I’m going to start linking my posts to Facebook from now on — not sure yet about the rest of the social mob! (I’ve been keeping this blog under wraps as I try to figure out where it’s going as well as get it into decent enough shape, so apologies to those of you who didn’t know about it!) I will also be donating $5 to every non-profit I highlight in my posts the day I post, and linking to the Causes app in Facebook. (I anticipate that some of them will be featured multiple times so this will be ongoing.) Please feel free to join in if you want and not if you don’t! This is just one way I thought I might make a tiny bit of a dent in moving our planet closer to 100%!
Sometimes I wonder if in all of our panic to avert global warming by coming up with alternative energy sources, that we haven’t inadvertently invented so much that we will actually have an over-supply of energy in the not-too-distant future.
I know it sounds crazy but: solar energy farms are popping up in deserts from north Africa to the Mojave to the Atacama high desert in Chile; wind power is going gangbusters in the U.K. (especially Scotland which is currently getting 35% of its electricity needs through alternatives including wind), in Texas, and in China; hydro-power is also on the upswing with lots of new dams planned, albeit with quite a bit of controversy surrounding them — Chile wants to build a huge dam across some of its rivers; China, India, Pakistan, Bangladesh, Nepal, and Bhutan are all arguing about how to manage both the water and energy resources of the great rivers that wind down from the massive mountain ranges in Central Asia; and in Africa, a proposal for a huge dam in Ethiopia is on the agenda (which will also affect neighboring Kenya); and methane, biofuels, biomass plants, wave and tidal energy, geothermal, all are moving forward.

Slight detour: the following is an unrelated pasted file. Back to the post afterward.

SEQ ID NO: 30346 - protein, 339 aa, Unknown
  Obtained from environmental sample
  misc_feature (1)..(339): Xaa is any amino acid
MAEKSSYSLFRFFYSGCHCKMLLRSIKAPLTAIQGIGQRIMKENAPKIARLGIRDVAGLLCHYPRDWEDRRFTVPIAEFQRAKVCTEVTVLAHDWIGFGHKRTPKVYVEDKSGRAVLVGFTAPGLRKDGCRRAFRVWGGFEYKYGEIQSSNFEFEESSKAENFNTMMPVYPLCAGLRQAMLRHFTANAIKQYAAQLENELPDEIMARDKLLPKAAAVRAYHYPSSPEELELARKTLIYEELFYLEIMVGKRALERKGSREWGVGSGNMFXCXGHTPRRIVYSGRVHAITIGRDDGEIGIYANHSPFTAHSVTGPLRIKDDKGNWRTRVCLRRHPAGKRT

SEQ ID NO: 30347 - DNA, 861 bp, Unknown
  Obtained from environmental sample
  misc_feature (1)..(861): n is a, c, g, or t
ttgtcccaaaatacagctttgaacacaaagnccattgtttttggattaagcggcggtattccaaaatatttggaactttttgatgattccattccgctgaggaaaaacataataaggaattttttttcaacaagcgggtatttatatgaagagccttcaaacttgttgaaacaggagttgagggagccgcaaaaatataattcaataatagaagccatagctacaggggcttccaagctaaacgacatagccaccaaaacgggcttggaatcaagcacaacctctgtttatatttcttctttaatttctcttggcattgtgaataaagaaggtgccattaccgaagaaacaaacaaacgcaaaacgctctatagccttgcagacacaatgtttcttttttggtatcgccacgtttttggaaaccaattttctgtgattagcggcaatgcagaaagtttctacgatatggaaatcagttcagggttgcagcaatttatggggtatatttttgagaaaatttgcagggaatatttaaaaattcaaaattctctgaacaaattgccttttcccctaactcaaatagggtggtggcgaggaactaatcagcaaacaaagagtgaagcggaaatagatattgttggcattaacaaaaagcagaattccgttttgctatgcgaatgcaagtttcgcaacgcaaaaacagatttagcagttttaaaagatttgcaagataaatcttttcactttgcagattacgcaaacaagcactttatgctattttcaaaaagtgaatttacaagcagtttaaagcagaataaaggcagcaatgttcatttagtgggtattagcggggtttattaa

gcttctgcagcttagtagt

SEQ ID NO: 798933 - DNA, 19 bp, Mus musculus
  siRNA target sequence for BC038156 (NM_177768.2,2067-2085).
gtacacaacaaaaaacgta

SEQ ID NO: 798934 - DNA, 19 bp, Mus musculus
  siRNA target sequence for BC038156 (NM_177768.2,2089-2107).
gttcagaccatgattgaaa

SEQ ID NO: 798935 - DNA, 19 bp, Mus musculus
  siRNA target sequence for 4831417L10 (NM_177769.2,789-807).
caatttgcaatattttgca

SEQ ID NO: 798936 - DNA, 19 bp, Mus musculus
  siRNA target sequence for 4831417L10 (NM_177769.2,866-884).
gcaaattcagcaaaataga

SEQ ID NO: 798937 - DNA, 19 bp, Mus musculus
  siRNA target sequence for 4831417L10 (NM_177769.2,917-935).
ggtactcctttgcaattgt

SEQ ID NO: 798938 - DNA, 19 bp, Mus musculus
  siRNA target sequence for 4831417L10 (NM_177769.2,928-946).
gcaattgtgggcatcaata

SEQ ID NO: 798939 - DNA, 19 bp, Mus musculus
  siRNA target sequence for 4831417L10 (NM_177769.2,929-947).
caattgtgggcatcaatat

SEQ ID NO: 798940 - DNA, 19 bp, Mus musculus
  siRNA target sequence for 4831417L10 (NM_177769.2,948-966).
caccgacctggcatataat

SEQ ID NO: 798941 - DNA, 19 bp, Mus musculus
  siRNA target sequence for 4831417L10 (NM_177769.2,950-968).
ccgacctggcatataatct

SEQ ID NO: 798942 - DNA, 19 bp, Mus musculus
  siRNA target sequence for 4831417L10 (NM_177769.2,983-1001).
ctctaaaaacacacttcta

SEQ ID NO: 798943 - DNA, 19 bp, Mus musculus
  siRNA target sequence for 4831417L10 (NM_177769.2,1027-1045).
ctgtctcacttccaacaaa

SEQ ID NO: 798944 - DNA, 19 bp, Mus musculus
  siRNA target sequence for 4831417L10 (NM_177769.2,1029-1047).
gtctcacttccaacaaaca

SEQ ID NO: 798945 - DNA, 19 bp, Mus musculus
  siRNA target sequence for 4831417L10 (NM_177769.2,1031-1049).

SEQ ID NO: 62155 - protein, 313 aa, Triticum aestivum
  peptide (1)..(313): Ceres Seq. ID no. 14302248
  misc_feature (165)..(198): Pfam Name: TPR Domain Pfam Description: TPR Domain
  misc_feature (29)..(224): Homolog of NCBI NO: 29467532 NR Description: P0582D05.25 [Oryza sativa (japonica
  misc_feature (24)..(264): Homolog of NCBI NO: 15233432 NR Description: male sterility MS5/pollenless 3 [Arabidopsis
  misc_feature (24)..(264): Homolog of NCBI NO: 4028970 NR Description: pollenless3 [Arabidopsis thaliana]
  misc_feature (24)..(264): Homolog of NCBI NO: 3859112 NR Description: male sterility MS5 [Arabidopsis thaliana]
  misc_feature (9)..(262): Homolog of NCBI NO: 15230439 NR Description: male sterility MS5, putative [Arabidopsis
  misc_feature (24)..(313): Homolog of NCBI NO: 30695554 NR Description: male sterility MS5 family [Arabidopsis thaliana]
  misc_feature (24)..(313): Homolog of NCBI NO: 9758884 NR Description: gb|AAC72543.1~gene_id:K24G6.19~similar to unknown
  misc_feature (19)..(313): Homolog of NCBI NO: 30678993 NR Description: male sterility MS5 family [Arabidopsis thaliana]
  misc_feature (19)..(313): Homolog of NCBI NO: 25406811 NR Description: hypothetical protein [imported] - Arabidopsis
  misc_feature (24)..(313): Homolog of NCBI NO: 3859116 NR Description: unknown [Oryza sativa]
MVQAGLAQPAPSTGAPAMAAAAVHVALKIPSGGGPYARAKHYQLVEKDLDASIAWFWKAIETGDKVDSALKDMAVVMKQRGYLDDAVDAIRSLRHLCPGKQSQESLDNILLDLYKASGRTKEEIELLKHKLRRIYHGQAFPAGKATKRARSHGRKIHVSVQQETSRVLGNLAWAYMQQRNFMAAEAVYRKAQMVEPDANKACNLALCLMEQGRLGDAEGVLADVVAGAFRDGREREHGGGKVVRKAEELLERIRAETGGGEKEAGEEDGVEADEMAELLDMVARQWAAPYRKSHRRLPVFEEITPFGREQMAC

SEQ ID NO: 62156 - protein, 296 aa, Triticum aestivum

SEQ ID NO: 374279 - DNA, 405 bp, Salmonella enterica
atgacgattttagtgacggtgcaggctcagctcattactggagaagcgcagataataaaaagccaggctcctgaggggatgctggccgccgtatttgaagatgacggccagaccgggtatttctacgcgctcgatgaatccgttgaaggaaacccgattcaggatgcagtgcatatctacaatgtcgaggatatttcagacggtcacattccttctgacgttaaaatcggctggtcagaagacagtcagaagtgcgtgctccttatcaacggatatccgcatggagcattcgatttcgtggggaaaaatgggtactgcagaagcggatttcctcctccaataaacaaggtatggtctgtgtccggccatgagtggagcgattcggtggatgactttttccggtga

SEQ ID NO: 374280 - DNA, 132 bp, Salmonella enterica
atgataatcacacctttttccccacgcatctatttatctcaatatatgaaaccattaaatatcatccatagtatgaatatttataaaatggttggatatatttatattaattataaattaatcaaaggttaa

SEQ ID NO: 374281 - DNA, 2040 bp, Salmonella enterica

And all of this isn’t even taking into account the constantly accelerating pace of technological development in energy science. Batteries (able to store wind energy) are becoming likelier by the minute; harnessing the simple difference of electric potential between seawater and freshwater may soon become a reality; and there are too many others to put them all down here. Beyond all that, many energy efficiencies are being implemented (particularly in lighting, where there are huge amounts of waste to that are being rapidly eliminated with new LED bulbs.)
Alternative energy is also swiftly becoming an integral part of development in rural areas of the world, leap-frogging older power technologies altogether in some cases. Some examples of this include The Hunger Project‘s epicenter programs in Africa: in Senegal at the Namarei epicenter where solar panels are providing power for patient care; in Mozambique at the Zuza epicenter to pump water and provide light; and at Iganga Epicenter in Uganda (in partnership with AHEAD).
Yes, we will probably still need oil, gas, and nuclear for a while. But I am not really sure any more how much longer that will be the case!
Thanks for stopping by,
Fantastic TED video that I stumbled on right after writing this! http://www.ted.com/talks/amory_lovins_a_50_year_plan_for_energy.html
Lovins gives a terrific, informed and detailed presentation of where we’re going energy consumption and type-wise. I was particularly interested to see that, in some models, we have already passed “peak oil” as well as some of the gains in efficiency that are coming. Wow.
Heather, As you say in your World at 100 recent May blog, there is much controversy about the dams. I think that I told you about the Balbina dam in Brazil which covered so many thousands of acres because it was so flat that it diminished the very purpose of the project which was to provide electricity. Many of the areas to which electricity was supposed to go were under water! From my point of view, the way to go is solar and wind. There are many more homes even here in this area that now have solar panels either on the roof or in at least two cases adjacent to the house right in the field. It is much less expensive so better returns. Love you, Mom